LOSS OF LOW-RENT HOMES PRIOR TO COVID-19
Avant by Avison Young, Harvard Joint Center for Housing Studies5
Government incentives to attract capital
The affordable residential sector as a whole comprises various subgroups targeting different segments of the population. These range from private sector provision of housing where the rent is effectively fully funded by state benefits, through subsidised market rentals to shared ownership models which help mid-income buyers to transition into full ownership.
In the U.S., the federal Low-Income Housing Tax Credit (LIHTC) is a long-standing national incentive program for affordable housing development. This has been supplemented recently with the introduction of state LIHTCs, now available in 24 individual states6, with Georgia amongst those offering one-to-one matching with federal programs.7 The affordable housing landscape looks a little different in Canada with various legal protections on affordable properties. Canadian incentives and funding for affordable housing projects – such as the Rapid Housing Initiative – are only available to government bodies, indigenous organisations, and non-profits.8 However, the expansion of low-cost loan financing through the Rental Construction Financing Initiative is providing improved funding for rental housing development.9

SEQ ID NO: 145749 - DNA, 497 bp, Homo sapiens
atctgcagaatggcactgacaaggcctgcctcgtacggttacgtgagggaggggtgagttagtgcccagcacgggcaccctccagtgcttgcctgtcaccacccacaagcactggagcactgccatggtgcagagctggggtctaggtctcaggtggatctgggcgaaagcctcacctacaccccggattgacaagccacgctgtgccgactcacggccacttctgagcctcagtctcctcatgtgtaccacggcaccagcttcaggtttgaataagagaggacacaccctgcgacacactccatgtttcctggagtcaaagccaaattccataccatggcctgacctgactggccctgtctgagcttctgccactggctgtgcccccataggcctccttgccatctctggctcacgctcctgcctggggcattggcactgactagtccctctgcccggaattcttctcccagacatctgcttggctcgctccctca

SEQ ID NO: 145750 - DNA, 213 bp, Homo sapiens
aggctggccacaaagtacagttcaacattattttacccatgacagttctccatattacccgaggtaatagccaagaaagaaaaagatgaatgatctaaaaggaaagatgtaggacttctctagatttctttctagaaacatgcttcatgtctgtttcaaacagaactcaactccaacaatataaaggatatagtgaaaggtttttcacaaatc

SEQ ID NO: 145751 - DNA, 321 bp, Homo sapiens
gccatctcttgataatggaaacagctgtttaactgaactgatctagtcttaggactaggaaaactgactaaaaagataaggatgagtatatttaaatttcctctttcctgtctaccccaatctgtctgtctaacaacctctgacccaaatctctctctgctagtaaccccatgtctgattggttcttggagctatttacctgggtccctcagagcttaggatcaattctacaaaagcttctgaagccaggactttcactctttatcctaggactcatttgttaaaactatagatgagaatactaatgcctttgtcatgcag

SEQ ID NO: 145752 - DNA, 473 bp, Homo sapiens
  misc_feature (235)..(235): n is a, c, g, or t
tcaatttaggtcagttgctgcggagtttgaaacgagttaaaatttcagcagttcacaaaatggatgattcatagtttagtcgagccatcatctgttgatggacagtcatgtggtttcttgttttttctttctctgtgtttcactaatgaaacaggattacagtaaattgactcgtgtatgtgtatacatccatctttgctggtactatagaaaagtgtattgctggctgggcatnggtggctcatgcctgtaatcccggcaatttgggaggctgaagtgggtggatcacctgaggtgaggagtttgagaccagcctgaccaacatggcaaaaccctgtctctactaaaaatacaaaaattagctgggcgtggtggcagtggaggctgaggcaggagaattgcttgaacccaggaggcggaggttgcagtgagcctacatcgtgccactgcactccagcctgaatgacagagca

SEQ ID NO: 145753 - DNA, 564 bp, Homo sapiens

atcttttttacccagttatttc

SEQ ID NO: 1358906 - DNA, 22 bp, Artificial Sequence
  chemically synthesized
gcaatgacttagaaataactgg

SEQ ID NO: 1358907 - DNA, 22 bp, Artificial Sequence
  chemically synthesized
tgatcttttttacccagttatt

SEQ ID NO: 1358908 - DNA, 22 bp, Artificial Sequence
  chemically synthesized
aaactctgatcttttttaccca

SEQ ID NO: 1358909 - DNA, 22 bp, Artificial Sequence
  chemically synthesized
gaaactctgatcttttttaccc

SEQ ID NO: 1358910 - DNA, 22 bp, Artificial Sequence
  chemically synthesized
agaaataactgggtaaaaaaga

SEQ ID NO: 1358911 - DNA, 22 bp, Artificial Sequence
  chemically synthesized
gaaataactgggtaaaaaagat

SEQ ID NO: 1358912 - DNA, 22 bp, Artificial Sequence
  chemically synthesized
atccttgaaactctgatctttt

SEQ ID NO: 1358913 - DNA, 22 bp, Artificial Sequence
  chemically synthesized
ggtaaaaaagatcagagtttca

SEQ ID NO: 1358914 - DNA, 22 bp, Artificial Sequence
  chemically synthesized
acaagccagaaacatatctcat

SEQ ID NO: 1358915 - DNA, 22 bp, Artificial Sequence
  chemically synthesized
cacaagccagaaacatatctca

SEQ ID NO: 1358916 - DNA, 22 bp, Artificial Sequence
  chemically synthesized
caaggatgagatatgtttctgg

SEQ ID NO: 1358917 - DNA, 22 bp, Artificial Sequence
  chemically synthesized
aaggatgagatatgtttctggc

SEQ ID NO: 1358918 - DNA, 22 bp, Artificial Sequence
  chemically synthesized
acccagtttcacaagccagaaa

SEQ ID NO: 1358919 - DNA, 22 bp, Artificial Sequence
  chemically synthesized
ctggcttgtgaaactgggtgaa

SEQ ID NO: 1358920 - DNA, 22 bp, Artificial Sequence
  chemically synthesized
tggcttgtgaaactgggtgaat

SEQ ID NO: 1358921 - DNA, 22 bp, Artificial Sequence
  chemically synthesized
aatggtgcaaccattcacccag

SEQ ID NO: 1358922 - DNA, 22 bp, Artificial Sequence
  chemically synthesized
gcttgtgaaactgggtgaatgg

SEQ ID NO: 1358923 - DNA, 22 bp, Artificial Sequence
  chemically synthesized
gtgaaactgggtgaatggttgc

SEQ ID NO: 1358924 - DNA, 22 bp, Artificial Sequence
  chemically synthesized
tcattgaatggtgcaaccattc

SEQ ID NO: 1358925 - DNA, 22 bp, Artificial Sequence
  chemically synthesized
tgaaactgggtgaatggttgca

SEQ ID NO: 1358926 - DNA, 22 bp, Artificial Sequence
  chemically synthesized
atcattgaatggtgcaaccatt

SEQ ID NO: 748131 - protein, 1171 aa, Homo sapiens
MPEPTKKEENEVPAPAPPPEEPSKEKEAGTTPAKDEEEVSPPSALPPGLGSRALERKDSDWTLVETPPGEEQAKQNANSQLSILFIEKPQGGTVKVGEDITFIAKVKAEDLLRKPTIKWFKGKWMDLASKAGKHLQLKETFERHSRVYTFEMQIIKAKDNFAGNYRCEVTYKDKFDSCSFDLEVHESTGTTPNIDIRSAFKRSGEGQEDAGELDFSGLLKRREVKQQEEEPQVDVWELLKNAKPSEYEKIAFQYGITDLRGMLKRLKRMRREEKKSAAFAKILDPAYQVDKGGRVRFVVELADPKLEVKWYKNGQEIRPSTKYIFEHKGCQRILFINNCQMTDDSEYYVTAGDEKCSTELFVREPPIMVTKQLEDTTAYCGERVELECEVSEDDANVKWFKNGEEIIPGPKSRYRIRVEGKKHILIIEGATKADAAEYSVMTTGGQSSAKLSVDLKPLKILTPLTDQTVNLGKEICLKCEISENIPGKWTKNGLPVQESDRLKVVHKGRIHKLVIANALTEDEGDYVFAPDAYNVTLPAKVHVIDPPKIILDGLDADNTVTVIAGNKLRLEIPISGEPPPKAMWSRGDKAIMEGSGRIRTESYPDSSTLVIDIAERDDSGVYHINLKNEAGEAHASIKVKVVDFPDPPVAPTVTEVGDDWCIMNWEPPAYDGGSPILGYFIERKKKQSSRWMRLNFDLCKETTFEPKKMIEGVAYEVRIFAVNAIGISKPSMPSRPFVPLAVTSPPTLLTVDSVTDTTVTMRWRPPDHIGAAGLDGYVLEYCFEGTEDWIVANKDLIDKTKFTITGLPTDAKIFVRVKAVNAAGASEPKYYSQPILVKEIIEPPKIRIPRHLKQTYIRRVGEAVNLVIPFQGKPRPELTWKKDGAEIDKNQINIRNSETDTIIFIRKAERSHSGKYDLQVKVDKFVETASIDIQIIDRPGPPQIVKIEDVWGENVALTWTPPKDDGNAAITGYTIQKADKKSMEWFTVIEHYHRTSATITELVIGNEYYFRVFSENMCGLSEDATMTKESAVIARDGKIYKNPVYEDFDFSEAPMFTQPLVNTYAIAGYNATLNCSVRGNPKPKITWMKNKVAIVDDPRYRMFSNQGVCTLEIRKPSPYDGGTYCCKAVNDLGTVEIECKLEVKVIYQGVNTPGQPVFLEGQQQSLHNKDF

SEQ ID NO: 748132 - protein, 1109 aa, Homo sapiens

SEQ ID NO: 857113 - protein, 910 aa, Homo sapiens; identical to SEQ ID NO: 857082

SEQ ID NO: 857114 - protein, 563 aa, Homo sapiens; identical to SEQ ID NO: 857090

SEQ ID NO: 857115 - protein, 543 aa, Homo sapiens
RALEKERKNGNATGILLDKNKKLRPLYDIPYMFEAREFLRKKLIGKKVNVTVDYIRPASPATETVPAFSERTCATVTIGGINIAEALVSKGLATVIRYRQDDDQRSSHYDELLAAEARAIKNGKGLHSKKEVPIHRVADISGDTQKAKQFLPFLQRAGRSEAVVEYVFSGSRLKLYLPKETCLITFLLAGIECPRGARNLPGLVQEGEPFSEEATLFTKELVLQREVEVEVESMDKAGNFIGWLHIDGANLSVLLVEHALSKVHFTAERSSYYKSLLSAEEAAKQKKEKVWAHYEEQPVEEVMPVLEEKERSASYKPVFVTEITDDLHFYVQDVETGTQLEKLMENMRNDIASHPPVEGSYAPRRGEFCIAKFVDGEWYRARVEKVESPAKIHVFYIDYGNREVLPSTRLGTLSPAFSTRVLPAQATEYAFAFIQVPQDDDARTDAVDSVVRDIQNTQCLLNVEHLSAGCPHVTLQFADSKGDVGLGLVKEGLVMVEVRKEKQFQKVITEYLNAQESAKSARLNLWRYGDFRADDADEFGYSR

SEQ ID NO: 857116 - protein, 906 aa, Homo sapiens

Governments across the world are looking for ways to encourage affordable housing development.
In the U.K., provision of affordable housing is a regulated activity with operators required to be “Registered Providers”(RP). There are around 1,600 such providers at present, of which the vast majority are local government or charitable-based organisations, in a market that remains highly fragmented. However, there are now over 50 “For Profit” RPs developing commercial models targeted at the sector. The U.K. Affordable Homes Programme is providing over £7 billion in grant funding for affordable housing development over the next few years10, supporting both registered and private providers in developing social and affordable housing as well as routes to home ownership.
Attractive investment characteristics
Common to most areas of affordable housing is an attractive income and return profile that offers significant advantages to investors.
First, the general shortage of supply in the sector means vacancy rates are low, with tenants staying in occupation for longer than in other types of property. The depth of demand means that absorption of new homes built for affordable rent is virtually instantaneous. In the U.K., the number of people on English Local Authority housing waiting lists has not dropped below 1 million since 1997. In the U.S., there is a shortage of 6.8 million homes available to affordable renters.11 In the U.K., the social-rented sector has maintained vacancy rates below 1.5% over the past five years.12 Voids and bad debts also perform well with average rates below 1% and 5% respectively over the last decade. Similarly, the U.S. reported a 2.2% vacancy rate for tax-credit supported affordable housing in 2021, with municipalities such as Oakland-East Bay experiencing 1.5% vacancy rates.13 Tenants also tend to stay in place longer. In the U.K., 80% of social-rented tenants stay in the same unit for at least three years, with almost half staying put for over a decade - compared to just 10% of tenants in the conventional private-rented sector.14